So, after 46 pages, we have these two or perhaps four responses regarding what the Occupy Wall Street movement stands for and finally one explanation of why there are at Wall Street. Anyone want to add to the reasons why they are protesting and confirm that Bobs view for why they are at Wall Street is the correct and universely accepted ONE reason?

I will wait while you talk among yourselves...
Forumosan avatar
fred smith
Guan Yin (Guānyīn)
 
Posts: 17004
Joined: 11 Oct 2002, 17:14
1 Recommends(s)
56 Recognized(s)



Re: Occupy Wall Street: What do you think? POLL

Postby fred smith » 12 Dec 2011, 22:21

Anyway, now that we finally have people on paper with their interpretations of the demands of the Occupy Wall Street movement, lets look at what others are saying. Lets read on below:

From the Huffington Post:

Since the emergence of the Occupy Wall Street (OWS) movement a great deal of attention has been focused on establishing what this movement wants. To understand and get at this movement's demands, we asked the following open-ended question of respondents at three Occupy locations:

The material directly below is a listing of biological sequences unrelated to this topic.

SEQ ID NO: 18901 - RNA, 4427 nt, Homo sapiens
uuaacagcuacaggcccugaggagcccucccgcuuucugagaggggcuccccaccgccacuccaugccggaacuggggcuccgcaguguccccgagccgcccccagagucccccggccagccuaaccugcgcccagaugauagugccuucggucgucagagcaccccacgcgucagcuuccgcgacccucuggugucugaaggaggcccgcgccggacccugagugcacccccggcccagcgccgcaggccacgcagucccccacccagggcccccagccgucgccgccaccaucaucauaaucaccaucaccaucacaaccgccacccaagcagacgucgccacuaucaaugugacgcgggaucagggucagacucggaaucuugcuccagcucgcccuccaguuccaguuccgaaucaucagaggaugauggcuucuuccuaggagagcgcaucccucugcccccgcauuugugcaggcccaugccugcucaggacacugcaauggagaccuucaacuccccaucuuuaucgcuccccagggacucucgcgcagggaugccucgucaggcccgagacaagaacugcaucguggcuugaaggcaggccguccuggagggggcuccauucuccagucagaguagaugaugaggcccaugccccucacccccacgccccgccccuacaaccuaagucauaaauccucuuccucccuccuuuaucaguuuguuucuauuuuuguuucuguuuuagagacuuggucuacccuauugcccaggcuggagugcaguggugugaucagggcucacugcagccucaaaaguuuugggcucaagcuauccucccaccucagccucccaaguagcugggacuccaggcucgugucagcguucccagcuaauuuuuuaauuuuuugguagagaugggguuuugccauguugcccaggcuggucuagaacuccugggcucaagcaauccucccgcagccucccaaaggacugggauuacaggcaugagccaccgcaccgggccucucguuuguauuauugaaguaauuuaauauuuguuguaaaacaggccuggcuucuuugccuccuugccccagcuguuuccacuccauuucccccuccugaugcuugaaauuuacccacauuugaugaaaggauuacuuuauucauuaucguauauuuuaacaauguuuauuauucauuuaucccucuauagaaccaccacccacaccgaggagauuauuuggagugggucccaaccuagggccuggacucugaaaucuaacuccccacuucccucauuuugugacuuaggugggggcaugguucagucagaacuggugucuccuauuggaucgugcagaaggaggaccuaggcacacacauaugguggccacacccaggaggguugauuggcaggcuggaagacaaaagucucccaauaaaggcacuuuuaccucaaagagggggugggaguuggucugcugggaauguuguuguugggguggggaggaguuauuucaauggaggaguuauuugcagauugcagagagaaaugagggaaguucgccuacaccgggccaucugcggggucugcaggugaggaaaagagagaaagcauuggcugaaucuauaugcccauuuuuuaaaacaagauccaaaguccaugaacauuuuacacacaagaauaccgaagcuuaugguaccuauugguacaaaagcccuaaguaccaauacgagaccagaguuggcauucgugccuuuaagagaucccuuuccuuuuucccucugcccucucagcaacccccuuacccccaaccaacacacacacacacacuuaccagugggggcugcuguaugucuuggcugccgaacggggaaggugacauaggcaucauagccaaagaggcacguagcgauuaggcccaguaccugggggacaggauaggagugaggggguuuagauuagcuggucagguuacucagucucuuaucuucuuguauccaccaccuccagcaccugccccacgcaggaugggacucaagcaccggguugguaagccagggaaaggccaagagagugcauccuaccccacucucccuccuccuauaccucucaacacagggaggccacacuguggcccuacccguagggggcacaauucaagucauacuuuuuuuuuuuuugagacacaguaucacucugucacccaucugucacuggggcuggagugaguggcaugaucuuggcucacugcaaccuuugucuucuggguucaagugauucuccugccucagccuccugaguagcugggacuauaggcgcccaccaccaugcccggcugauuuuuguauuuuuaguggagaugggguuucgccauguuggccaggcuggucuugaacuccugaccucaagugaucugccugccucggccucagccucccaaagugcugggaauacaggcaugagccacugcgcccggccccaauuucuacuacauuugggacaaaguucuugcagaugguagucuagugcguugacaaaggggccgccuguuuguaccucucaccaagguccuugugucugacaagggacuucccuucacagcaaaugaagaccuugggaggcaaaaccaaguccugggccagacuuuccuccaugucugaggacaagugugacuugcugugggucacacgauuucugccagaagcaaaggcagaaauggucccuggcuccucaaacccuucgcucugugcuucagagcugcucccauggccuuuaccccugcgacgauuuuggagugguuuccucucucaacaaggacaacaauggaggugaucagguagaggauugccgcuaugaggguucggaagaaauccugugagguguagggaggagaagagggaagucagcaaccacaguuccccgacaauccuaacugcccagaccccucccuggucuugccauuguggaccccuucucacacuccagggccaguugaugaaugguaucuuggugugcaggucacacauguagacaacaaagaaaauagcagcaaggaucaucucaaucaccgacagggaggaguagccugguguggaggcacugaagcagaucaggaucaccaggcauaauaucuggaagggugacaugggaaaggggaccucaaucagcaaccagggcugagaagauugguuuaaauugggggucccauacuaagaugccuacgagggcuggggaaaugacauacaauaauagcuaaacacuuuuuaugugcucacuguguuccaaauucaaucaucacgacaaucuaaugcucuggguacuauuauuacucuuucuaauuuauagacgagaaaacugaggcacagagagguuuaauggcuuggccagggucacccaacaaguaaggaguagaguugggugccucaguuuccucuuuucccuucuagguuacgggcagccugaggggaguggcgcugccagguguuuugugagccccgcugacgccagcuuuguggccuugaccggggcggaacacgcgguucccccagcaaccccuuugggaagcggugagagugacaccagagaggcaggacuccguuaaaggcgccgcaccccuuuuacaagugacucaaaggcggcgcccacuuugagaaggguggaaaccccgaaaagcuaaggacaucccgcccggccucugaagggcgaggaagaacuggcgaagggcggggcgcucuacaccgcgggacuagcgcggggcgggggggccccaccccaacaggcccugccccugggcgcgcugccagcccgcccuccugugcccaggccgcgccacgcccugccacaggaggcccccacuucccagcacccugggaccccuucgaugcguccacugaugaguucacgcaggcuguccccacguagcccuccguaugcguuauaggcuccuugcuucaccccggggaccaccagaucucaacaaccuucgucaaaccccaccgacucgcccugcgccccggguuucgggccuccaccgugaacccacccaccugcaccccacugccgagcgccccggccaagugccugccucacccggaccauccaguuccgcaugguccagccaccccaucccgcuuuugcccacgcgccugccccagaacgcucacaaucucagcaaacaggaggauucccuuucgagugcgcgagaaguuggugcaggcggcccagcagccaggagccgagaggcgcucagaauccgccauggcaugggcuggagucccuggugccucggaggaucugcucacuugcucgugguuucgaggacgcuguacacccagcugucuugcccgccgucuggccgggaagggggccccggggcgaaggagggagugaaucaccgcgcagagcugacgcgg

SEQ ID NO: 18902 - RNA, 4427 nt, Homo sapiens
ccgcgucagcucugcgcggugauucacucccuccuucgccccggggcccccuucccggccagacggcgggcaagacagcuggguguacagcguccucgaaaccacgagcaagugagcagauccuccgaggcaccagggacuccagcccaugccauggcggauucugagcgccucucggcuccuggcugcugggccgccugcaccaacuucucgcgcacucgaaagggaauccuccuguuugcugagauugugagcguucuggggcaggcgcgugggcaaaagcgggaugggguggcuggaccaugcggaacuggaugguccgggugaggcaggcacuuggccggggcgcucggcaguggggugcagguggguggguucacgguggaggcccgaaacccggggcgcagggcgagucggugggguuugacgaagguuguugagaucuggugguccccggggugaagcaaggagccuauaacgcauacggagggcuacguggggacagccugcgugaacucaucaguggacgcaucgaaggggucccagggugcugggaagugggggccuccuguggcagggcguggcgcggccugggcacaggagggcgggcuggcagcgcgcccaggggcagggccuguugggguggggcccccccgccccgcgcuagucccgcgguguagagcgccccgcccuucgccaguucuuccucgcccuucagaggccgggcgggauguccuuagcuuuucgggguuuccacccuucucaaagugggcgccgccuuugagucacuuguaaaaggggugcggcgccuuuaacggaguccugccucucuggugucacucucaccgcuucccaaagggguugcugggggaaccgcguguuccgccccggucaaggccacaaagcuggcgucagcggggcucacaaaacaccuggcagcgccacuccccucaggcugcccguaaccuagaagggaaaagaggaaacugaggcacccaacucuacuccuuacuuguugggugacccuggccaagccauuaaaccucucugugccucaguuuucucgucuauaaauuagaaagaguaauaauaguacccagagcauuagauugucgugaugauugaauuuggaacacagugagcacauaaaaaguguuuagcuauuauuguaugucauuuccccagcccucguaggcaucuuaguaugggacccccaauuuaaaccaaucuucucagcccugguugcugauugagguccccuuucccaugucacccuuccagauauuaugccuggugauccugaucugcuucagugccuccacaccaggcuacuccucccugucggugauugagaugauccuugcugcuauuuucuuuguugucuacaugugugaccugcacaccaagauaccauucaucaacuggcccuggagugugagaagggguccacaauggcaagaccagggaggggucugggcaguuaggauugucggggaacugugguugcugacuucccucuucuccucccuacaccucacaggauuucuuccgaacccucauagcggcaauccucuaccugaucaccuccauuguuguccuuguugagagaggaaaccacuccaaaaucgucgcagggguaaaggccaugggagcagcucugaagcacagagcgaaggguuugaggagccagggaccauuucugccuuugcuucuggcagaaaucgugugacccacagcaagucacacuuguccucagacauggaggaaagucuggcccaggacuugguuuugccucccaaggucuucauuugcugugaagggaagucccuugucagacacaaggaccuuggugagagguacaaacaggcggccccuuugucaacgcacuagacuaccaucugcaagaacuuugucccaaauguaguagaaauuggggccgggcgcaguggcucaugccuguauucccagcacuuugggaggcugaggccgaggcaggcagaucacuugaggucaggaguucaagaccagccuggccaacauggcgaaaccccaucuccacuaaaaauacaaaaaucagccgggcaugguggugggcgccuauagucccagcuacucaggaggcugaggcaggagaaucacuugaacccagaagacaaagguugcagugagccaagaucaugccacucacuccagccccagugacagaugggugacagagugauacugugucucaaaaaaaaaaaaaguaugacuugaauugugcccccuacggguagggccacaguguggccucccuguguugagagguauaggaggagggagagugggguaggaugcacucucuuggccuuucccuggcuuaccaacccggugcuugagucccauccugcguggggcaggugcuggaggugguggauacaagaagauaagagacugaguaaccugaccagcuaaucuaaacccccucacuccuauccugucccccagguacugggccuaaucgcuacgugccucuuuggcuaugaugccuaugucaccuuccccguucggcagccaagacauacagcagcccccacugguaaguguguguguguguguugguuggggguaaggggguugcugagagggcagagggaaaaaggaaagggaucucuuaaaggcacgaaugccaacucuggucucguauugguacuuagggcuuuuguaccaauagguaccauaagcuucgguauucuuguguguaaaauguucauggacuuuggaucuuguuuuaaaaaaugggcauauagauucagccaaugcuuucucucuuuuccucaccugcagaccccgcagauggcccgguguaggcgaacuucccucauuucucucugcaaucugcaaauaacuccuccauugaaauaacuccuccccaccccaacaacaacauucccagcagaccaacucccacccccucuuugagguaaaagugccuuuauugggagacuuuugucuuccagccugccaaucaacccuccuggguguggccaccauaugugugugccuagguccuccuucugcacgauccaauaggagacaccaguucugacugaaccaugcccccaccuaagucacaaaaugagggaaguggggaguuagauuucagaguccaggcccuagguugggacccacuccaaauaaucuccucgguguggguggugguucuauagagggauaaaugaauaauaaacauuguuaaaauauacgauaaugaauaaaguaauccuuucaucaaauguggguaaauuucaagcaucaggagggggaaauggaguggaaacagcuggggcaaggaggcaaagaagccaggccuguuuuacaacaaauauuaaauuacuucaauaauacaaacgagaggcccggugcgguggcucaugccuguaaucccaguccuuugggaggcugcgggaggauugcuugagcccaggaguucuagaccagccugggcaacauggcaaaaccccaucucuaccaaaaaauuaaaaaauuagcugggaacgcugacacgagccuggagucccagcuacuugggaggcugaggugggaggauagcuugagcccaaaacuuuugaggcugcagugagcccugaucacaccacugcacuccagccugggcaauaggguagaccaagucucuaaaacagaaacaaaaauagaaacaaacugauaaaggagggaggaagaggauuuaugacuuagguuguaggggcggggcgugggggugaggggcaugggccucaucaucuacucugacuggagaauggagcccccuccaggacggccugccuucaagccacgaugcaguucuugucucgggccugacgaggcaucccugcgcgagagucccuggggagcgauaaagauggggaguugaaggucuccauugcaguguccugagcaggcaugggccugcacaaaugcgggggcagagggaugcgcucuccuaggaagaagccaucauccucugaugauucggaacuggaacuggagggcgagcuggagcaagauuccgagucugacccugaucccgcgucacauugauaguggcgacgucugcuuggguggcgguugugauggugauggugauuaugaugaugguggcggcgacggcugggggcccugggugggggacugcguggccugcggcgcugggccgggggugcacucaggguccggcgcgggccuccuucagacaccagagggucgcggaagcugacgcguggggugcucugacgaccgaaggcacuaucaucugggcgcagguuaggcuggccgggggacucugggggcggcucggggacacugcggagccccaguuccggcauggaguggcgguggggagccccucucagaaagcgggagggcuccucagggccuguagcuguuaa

Question: "If you could enact ONE policy to address America's problems today, what would it be?"

To date we have asked this at the Occupy locations in New York (100 respondents - October 22-23), Boston (95 respondents - October 23) and Washington, D.C. (38 respondents - October 30). The responses to this question were recorded verbatim. As these interviews are part of an ongoing project to generate data on various Occupy locations, we present a summary of the key policies articulated thus far with the caveat that these results should be viewed as preliminary and suggestive rather than conclusive and representative of the entire Occupy movement.

A Note on Classification: To best capture respondents' vocabulary we have reproduced below the words they used to identify the "ONE policy" they would enact. We have grouped the key policies under general categories. In a number of cases respondents used different words to describe a similar policy, to the extent possible we have also reproduced the different ways in which they referred to a similar policy.